A survey of veterans by Syracuse University’s Institute for Veterans and Military Families found that half of the respondents left their first civilian jobs within a year, and 65% left within two years. A commonly cited reason was culture shock. Employers that make a point of hiring veterans — and those that don’t — owe it to themselves and the vets to prevent rapid turnover.
Consider the following characteristics of the military culture and work environment, and think about any contrasts to your own. In the military, generally speaking:
- Employees know precisely where they stand in the pecking order due to the clear gradations of the ranking system,
- Steps required for promotion are well-defined,
- Communication is clear and direct,
- Punctuality is demanded,
- Respect for those of superior rank is expected and received,
- Mutual trust is the norm, and
- Whining and excuses for nonperformance are not tolerated.
Fish out of Water?
Unless all of the above characteristics precisely describe your workplace culture, you may be able to understand how an employee just returning from military duty might feel like a fish out of water. While a veteran might find a more unstructured and informal working environment a welcome change from the military, a period of adjustment will likely be needed.
According to BelKat Solutions, LLC, a consulting company that helps civilian employers to integrate veterans successfully into their workforce, a “veteran-informed” organization:
- Creates a plan to integrate veterans, and informs all of its employees about that plan,
- Puts in place activities that support that plan for all stages of employees’ careers, and
- Offers solutions to some of the transition issues vets may encounter upon entering civilian life.
In other words, integrating veterans for the long term isn’t a “one-and-done” proposition.
Employers need to be aware that what seems to be attitude problems on the part of vets might really indicate a bumpy transition to civilian work life. “Behavior that an employer or fellow employees may perceive as arrogance, entitlement, or aggressiveness or as being judgmental, frustrated, or apathetic may in fact be a transitional response that can be successfully addressed in an informed environment,” said Belkat.
Four Step Program
Whether or not you have made a special effort to recruit veterans, once they’re on board, a long-term strategy for keeping them there and flourishing has four basic components, some of which also apply to any other kind of new-hire. The first is assimilation.
The assimilation phase can include such activities as:
- Explaining job goals and how performance is measured and rewarded,
- Reviewing the organization’s structure and how leadership communicates with employees,
- Explaining administrative processes, and
- Facilitating team-building exercises.
The needs of veterans with recent combat experience might require extra attention, after an assessment of any special sensitivities. Such an assessment might have implications, for example, for the noise level or degree of privacy in the new hire’s immediate work environment.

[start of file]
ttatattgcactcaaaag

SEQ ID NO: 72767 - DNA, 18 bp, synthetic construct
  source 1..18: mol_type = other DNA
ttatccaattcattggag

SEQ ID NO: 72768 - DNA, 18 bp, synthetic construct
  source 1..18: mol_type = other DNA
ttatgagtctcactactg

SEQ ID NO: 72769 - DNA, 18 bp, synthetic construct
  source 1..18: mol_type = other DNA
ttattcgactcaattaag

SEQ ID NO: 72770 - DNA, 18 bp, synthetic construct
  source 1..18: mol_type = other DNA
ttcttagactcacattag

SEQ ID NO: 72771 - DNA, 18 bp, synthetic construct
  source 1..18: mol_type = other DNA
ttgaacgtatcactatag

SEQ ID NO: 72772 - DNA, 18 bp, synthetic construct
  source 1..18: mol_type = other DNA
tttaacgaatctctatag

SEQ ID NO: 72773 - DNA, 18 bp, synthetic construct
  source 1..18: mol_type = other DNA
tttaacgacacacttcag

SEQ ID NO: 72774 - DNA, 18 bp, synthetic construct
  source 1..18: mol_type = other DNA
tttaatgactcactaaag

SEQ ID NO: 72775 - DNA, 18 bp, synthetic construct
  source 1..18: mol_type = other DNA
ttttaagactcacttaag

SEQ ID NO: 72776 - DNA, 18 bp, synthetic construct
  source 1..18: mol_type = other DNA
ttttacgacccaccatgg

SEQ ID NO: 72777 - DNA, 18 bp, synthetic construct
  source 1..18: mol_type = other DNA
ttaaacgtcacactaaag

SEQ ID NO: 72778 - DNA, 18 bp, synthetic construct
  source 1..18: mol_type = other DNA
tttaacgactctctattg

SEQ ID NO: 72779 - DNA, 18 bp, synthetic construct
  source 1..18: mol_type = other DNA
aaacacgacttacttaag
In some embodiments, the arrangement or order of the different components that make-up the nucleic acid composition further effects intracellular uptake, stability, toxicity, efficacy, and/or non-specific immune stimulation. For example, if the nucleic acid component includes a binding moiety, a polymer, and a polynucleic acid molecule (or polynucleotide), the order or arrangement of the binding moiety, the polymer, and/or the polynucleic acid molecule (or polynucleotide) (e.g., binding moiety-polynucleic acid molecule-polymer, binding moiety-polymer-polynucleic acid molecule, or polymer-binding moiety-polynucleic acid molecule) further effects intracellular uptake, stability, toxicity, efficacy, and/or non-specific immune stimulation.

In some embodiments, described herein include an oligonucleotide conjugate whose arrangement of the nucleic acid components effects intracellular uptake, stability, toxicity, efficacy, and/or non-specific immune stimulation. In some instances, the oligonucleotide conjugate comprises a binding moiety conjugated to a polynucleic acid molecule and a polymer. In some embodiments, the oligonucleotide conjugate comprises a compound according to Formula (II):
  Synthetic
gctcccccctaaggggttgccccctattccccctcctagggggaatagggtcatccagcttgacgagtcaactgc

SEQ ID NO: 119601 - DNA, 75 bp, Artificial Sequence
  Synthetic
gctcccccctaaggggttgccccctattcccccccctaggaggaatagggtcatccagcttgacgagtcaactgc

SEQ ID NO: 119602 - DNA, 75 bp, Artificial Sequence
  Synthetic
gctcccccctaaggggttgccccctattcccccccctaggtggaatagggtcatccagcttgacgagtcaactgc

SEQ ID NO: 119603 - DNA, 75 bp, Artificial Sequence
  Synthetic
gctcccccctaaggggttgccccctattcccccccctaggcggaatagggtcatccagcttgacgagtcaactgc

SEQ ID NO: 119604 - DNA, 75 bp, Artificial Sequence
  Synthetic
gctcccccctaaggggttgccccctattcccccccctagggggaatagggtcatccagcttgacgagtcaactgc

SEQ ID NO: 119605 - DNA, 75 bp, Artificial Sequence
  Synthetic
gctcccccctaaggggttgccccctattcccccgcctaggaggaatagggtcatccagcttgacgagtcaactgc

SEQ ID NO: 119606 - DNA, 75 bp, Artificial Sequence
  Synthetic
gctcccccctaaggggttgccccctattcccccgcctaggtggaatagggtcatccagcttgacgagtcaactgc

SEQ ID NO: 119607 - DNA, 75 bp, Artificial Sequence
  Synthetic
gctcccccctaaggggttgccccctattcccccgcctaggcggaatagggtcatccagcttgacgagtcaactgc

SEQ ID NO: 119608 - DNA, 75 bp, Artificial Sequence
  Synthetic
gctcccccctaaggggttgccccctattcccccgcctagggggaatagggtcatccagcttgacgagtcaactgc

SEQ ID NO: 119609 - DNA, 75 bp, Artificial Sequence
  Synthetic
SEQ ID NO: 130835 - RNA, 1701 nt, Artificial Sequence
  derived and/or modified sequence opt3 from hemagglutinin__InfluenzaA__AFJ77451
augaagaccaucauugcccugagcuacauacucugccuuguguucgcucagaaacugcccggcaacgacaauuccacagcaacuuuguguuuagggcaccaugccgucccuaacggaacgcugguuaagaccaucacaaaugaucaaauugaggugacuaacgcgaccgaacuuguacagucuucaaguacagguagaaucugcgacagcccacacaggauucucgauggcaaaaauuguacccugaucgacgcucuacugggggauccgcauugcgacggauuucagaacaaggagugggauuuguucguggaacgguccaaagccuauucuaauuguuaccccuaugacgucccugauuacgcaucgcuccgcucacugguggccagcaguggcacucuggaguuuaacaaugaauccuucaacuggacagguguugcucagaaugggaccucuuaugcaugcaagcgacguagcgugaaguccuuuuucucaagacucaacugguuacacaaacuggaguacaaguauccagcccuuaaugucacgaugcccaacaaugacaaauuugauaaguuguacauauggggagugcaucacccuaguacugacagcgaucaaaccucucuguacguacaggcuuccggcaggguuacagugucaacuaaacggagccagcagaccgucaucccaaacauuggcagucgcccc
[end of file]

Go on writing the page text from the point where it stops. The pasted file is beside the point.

Beyond basic assimilation, a tailored training and development initiative can serve to identify and address any skill or other gaps in the veteran’s professional development that need to be filled. For example, a veteran who didn’t have a “desk job” in the military (nor in any previous setting) might lack familiarity with basic or the latest versions of desktop computer software.
The two remaining components of a long-term veteran transition strategy recommended by Belkat involve career growth and compensation. About the former, it’s important to understand that in the military, the stairways to the top for non-commissioned and commissioned officers are generally well-defined. Identifying those routes in your organization, to the extent they can be described, is very important to vets. But if a particular job doesn’t lead to career growth, that must be made clear as well.
More than a Rank
Keep in mind that in the military, people are often first defined by their rank, instead of by the nature of their job. A computer specialist with the rank of sergeant would more likely be described as a sergeant than a programmer, if a one word description were required.
Compensation, including intangible rewards such as special recognition, is no less important to vets than any other employees. Keep in mind, however, that in the military opportunities for special monetary awards are more limited. Recognition for service members has more commonly taken the form of medals and commendations, so take time to go over the pay system. If it’s been a while since they’ve worked in civilian jobs, they may have unrealistic expectations of what kind of salaries and raises are possible.
Plenty of resources are available that delve more deeply into the topic of helping veterans transition to a successful civilian career. This includes talking to professional acquaintances who have already been down this road. Unless you’re a veteran yourself, chances are the insights you will gain will carry you and your newly transitioned vets far.